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Recipe for :

Teriyaki Beef

This is one of the recipes from Mrs Susie. If you want to find out more about her have a look at her biography page which she has written. Mrs Susie specialises in Oriental cooking. An important first step in Oriental cooking (which I think is important) is at the end of each recipe.

To find out the basic requirements for making Teriyaki have a look at Japanese Teriyaki under Tips,etc.

"The word, teriyaki is a combination of two Japanese words "teri" and "yaki." Teri means luster and yaki means grill or broil".


1 lb approx skirt beef steak
1 cup teriyaki sauce
2 tablespoons soy sauce
1/2 tsp. ground ginger
1 tsp. ground black pepper
1/2 tsp. fresh minced garlic
2 tbs. oyster sauce
1 tbs. black bean sauce
1/4 cup sesame oil
4 oz onion (1/4" julienne)
6 oz broccoli florets


  • Cut skirt steaks into 1" cubes and combine all above ingredients in mixing bowl.
  • Mix thoroughly and let marinate for at least a half hour at room temperature. Refrigerate until needed.
  • When ready to cook, separate beef only from marinade (save everything else).
  • In a wok, heat up about a 1/4" of olive oil.
  • Add beef and cook until three-quarters done.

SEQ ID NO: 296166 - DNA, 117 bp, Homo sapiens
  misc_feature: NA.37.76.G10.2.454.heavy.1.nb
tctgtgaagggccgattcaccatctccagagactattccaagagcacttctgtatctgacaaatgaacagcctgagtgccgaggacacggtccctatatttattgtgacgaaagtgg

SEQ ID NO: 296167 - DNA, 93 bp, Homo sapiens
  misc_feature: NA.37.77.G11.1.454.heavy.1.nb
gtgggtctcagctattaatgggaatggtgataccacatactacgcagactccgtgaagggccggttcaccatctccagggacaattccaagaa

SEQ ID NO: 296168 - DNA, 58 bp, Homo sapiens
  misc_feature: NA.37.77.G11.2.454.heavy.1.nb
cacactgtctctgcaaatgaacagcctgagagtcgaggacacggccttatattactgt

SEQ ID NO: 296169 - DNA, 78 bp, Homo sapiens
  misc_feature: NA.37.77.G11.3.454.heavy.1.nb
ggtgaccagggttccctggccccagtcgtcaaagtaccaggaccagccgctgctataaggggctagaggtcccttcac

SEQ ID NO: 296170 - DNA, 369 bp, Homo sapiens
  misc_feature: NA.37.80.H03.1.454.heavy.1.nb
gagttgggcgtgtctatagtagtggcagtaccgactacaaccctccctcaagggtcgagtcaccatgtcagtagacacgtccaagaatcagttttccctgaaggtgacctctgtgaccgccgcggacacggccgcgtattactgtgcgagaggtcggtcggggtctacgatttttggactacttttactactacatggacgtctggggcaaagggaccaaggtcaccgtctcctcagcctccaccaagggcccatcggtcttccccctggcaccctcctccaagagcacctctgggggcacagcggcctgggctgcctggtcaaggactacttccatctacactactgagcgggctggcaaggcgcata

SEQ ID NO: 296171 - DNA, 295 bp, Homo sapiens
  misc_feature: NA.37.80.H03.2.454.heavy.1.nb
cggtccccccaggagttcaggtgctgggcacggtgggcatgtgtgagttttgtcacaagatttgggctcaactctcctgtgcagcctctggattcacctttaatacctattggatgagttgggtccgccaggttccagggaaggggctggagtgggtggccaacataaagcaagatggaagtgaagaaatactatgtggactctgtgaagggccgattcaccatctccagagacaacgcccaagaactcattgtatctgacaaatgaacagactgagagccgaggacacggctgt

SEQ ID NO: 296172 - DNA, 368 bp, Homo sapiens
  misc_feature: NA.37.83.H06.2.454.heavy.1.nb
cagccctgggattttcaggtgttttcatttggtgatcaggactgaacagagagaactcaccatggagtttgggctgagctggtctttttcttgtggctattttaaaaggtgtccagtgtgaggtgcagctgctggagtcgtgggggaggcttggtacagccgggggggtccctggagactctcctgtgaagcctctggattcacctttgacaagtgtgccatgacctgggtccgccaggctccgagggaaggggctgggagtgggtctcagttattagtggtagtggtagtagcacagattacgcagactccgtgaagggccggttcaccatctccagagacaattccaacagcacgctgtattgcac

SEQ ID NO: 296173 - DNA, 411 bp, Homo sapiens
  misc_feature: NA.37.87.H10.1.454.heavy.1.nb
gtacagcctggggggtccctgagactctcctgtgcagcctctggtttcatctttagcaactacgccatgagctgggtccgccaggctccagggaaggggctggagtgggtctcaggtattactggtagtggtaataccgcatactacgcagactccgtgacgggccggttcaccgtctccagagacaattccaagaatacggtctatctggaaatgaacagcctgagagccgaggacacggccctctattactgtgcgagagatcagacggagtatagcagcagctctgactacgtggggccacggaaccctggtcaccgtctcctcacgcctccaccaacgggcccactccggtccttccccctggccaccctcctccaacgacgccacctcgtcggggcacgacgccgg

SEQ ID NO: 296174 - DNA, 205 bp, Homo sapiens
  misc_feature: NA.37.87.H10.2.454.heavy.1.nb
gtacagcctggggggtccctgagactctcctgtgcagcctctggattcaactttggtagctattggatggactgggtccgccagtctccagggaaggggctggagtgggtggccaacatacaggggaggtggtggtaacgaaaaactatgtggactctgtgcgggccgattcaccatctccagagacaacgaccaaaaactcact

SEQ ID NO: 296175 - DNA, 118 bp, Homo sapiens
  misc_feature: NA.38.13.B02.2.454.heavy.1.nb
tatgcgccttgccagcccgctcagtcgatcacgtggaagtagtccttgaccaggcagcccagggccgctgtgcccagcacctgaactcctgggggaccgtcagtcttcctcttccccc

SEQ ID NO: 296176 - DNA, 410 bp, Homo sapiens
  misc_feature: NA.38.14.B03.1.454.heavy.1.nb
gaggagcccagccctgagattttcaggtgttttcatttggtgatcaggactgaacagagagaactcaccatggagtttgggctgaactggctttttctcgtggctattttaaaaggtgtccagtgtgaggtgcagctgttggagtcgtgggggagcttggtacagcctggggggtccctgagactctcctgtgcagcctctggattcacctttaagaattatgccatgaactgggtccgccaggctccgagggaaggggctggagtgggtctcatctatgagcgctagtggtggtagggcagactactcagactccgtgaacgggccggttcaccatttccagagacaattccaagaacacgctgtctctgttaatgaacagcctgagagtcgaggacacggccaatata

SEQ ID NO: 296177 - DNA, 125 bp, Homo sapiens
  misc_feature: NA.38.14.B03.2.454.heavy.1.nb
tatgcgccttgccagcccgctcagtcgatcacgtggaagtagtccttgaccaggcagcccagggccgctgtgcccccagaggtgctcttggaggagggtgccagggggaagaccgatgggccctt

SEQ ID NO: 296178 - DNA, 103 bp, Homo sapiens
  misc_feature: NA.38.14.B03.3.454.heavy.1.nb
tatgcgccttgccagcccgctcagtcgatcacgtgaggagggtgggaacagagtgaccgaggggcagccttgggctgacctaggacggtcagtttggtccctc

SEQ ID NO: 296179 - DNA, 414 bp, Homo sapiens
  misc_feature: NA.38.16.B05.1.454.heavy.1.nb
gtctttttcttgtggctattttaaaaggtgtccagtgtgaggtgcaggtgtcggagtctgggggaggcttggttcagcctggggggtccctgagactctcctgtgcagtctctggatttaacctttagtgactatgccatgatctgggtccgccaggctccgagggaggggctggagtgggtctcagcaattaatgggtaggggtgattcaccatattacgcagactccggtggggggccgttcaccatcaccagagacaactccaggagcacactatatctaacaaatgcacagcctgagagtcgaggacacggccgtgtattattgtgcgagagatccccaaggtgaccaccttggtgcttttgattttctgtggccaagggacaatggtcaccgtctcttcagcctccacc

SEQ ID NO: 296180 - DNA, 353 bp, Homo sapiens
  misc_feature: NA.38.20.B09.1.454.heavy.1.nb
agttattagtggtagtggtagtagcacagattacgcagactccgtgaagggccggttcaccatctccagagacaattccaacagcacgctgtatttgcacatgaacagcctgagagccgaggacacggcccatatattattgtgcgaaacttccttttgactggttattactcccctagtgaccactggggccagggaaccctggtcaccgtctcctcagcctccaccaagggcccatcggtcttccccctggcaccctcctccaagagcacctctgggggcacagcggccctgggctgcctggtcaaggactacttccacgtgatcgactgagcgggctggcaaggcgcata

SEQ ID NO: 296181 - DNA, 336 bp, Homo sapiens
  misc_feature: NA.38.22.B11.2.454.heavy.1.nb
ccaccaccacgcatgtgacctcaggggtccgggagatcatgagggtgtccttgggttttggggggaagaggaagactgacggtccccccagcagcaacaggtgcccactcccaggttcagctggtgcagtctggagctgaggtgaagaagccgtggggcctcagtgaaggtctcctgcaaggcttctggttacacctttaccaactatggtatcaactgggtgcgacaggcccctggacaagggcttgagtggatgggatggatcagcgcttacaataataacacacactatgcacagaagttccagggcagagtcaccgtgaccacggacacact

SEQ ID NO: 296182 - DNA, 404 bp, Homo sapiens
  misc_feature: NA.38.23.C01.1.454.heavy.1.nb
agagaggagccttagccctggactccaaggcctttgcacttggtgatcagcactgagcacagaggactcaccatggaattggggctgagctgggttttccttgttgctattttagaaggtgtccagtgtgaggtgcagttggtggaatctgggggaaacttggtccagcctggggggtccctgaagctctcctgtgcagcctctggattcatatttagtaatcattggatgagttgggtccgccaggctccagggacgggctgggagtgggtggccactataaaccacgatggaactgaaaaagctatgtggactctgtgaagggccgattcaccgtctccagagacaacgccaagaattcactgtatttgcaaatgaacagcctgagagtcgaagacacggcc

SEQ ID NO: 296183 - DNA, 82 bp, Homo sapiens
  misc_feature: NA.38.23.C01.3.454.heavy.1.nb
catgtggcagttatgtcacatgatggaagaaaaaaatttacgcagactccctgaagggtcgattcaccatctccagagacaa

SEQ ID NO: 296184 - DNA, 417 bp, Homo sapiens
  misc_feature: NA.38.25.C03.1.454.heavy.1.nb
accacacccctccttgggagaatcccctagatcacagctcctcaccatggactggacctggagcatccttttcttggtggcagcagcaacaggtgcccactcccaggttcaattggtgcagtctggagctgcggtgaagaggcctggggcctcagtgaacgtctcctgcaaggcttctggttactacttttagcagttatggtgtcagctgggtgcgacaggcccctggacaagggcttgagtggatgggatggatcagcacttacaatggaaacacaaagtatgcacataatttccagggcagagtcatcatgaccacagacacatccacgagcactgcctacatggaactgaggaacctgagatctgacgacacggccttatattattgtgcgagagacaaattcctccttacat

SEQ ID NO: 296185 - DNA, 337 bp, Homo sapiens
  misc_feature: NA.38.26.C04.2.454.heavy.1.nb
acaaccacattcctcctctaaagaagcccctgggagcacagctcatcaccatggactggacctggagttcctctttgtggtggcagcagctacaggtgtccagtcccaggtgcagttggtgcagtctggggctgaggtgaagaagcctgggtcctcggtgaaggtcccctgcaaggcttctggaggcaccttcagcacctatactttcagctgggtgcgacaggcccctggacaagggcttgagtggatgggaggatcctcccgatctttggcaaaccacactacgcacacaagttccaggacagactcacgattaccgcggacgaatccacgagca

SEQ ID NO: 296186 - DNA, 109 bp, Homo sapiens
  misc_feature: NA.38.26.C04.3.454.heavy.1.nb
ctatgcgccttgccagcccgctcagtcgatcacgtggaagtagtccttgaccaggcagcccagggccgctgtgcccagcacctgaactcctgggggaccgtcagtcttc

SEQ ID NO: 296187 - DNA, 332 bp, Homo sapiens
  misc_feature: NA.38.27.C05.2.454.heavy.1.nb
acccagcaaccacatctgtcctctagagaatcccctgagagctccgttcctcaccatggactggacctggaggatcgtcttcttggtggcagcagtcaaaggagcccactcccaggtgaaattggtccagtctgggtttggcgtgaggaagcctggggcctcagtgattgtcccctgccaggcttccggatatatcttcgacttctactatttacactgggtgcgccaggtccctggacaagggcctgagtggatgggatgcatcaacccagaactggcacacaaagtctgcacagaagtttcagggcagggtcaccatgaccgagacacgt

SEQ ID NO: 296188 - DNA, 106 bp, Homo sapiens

• Add marinated vegetables (broccoli and onion).
  • Cook until beef is done, then add approximately 1 cup (or as much as desired) of marinate to beef and veggies.
  • Cook over low flame to slight boil.
  • Serve over rice with wonton noodles around edge of plate (or pasta bowl)

Serves 2

Mrs Susie

"I have studied oriental cooking quite a bit and the one thing that makes it different from other styles of cooking is: it is 90% preparation and 10% cooking. It is very important to have everything in the recipe already prepared for cooking before you start cooking.

I take a plate and cut up my ingredients as called for in the recipe and place them on different parts of the plate. Only then do I think about cooking. I will put my oil in the pan and, as the things are called for in the recipe, I will sweep them into whatever pan I am cooking with, cook for as long as called for, then add the next ingredient.

Oriental cooking happens so fast. To stop and cut up the garlic (for example) if I had the ginger cooking in the pan would result in burnt ginger before the garlic is finished.

When I am cooking a ten or fifteen course dinner you should see my kitchen. I have plates all over and all my sauces mixed in bowls and everything is ready to cook before I start cooking. This is the right way to do it and necessary to have a well-timed dinner.

Another thing, get yourself a good cleaver that will not rust. You will be surprised how much you will use this for all your cooking, not just oriental cooking. Do yourself a favor and get a good one. I think I paid $20 for mine but again that was 20 years ago".